Thirty-two years ago, when Mary Steffy joined the board of directors of the Lancaster County Mental Health Association, Jimmy Carter was president and Andy Gibb topped the pop charts with “Shadow Dancing.”
Much has changed politically and musically in those three-plus decades, and so, too, has the perception and treatment of mental illness.
Steffy, who’s retiring June 29 as the longtime executive director of Mental Health America of Lancaster County (formerly known as the Mental Health Association), is a witness to those changes.
”I think there’s less of a stigma” associated with mental health issues, she said.
Instead, there’s the attitude of, “I have a mental illness, but my mental illness doesn’t have me,” Steffy said.
A career is born
A Lancaster County native who was the oldest of four siblings, Steffy, 65, grew up on a dairy farm that also raised corn and tobacco.
She attended Messiah College for a time and then got married at the age of 20.
While her husband was with Mennonite Voluntary Service, the couple moved away from the area for several years, coming back in 1970. Her two children, Christina and Eric, arrived in 1969 and 1971.
With her children in school, Steffy worked nights at the former Dempsey’s restaurant and then was employed by Stauffer Printing.
Steffy said she joined the board of directors of the Epilepsy Foundation of America because her daughter had a seizure disorder, which turned out not to be epilepsy.
Then someone suggested she become a board member of the Lancaster County Mental Health Association, which changed its name to Mental Health America of Lancaster County several years ago.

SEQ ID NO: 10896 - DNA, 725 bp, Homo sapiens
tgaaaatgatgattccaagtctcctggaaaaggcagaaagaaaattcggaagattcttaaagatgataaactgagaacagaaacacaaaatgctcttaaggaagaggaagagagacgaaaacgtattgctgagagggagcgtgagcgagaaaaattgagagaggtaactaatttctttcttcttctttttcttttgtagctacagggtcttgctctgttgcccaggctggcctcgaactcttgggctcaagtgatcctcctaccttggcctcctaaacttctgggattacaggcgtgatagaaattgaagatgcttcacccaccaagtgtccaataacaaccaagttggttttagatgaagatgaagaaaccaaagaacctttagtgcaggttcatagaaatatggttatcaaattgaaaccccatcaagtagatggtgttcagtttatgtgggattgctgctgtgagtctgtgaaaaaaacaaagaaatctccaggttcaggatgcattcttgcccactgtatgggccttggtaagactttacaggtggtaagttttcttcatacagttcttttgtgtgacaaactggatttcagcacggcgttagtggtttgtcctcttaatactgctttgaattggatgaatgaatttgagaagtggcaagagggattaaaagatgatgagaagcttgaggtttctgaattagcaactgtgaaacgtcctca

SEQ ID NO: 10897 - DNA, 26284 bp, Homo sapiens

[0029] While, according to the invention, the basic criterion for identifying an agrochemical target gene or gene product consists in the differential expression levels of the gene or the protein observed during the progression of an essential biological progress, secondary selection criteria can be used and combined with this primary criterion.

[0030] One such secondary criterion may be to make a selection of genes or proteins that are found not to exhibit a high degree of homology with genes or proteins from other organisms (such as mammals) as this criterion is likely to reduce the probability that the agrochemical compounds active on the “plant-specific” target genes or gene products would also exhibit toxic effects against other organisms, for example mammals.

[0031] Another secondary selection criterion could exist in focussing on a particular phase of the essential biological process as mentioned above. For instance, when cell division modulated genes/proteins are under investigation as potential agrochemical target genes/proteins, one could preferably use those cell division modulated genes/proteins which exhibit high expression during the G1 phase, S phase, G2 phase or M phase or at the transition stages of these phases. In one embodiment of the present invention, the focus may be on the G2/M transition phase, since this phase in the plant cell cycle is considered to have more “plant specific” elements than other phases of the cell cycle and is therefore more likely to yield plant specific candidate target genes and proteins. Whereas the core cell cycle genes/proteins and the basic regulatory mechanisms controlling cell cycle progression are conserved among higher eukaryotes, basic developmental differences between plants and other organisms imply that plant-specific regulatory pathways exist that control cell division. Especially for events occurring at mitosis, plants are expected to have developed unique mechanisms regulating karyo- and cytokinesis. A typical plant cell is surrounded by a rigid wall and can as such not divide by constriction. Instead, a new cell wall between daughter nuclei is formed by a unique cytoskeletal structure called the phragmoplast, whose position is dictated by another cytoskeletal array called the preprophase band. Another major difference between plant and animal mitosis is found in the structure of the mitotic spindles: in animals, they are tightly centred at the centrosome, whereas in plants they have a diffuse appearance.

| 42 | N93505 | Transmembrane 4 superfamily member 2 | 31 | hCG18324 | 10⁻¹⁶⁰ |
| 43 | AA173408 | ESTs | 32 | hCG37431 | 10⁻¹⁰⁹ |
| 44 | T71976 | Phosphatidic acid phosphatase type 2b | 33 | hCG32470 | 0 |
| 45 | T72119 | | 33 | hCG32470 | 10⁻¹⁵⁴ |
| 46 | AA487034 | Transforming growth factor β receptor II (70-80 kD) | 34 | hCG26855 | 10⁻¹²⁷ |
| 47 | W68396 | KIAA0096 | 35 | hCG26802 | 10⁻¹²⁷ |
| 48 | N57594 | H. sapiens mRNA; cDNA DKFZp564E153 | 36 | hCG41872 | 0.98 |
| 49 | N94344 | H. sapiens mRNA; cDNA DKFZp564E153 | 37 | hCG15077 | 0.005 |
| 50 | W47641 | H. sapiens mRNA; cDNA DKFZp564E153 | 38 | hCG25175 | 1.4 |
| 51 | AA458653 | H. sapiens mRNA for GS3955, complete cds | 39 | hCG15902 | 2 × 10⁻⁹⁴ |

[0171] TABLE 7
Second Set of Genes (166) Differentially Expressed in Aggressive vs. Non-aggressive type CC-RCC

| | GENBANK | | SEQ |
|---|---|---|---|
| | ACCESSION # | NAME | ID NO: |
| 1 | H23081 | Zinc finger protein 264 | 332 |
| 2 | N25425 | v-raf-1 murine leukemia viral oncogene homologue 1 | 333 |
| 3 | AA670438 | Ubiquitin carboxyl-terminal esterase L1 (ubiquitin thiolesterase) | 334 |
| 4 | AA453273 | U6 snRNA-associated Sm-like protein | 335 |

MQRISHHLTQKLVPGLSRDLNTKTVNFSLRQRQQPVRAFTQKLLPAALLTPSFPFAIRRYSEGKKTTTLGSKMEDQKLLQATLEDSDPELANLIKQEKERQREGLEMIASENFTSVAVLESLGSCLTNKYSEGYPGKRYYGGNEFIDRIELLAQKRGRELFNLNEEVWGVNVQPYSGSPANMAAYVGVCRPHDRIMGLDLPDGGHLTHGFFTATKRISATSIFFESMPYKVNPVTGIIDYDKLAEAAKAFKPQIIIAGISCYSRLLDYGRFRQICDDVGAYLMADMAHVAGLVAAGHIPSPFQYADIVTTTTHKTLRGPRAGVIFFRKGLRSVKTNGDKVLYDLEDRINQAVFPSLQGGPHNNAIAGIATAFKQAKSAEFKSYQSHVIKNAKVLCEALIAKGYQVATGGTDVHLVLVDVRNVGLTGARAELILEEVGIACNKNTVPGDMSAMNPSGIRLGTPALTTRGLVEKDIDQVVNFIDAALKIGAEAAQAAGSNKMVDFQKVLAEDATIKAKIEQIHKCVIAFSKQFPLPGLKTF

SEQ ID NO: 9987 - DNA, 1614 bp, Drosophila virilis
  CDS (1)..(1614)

She did so in 1978 and was hired as an administrative assistant/executive secretary there in August 1981, setting in motion a career that would last more than 30 years.
Steffy was promoted to executive director of MHALC in January 1984.
The mission of Mental Health America of Lancaster County, which is a nonprofit, nongovernmental entity, is “to promote mental well-being for everyone, to make life better for people with mental and emotional illnesses,” she said.
“Every person has value,” Steffy said. “That’s what MHA is all about.
“If you value yourself, you’re much more likely to make good decisions.”
According to the Centers for Disease Control, one of every two Americans will experience “some kind of mental health issue” over their lifetime, Steffy said.
Mental illness “is a brain disorder,” she said. “In many cases, it’s a chemical imbalance in the brain.”
Progress through the years
One of the major changes Steffy has observed over the decades is that individuals “do expect to recover,” she said.
Those who use mental health services today “help define what those services are,” Steffy said. New medications also have been developed.
People with mental illness are more likely to realize they aren’t alone, with persons from all walks of life in the same boat they are, she said.
Steffy also applauds the advent of “people first” language, in which blanket phrases such as “the mentally ill” are considered derogatory.
But funding for mental health services continues to be an issue, Steffy said. Pennsylvania Gov. Tom Corbett’s proposed 2012-13 budget, which would cut the money counties get to provide mental health services by 20 percent, “is the worst … I’ve ever seen,” she said.
Distributing money to counties via block grants also could put mental health funding in danger, Steffy said.
“People who need services should have those services available,” she said.
Still, Mental Health America of Lancaster County continues to have a strong presence, Steffy said, whether it’s through community education, such as mental health first aid training; support groups and anger workshops; sponsorship of Alpha Clubs; monitoring mental health services in Lancaster County; or its Compeer Lancaster program, which recruits, screens and trains adult volunteers to spend time with someone who has mental illness.
“We collaborate with lots of organizations,” Steffy said.
MHALC, which has a contract with Lancaster County, also employs a client family advocate and a peer educator.
Its budget is about $340,000 annually, she said. Eighty percent of that used to come from the United Way, Steffy said. Now it’s 17 percent.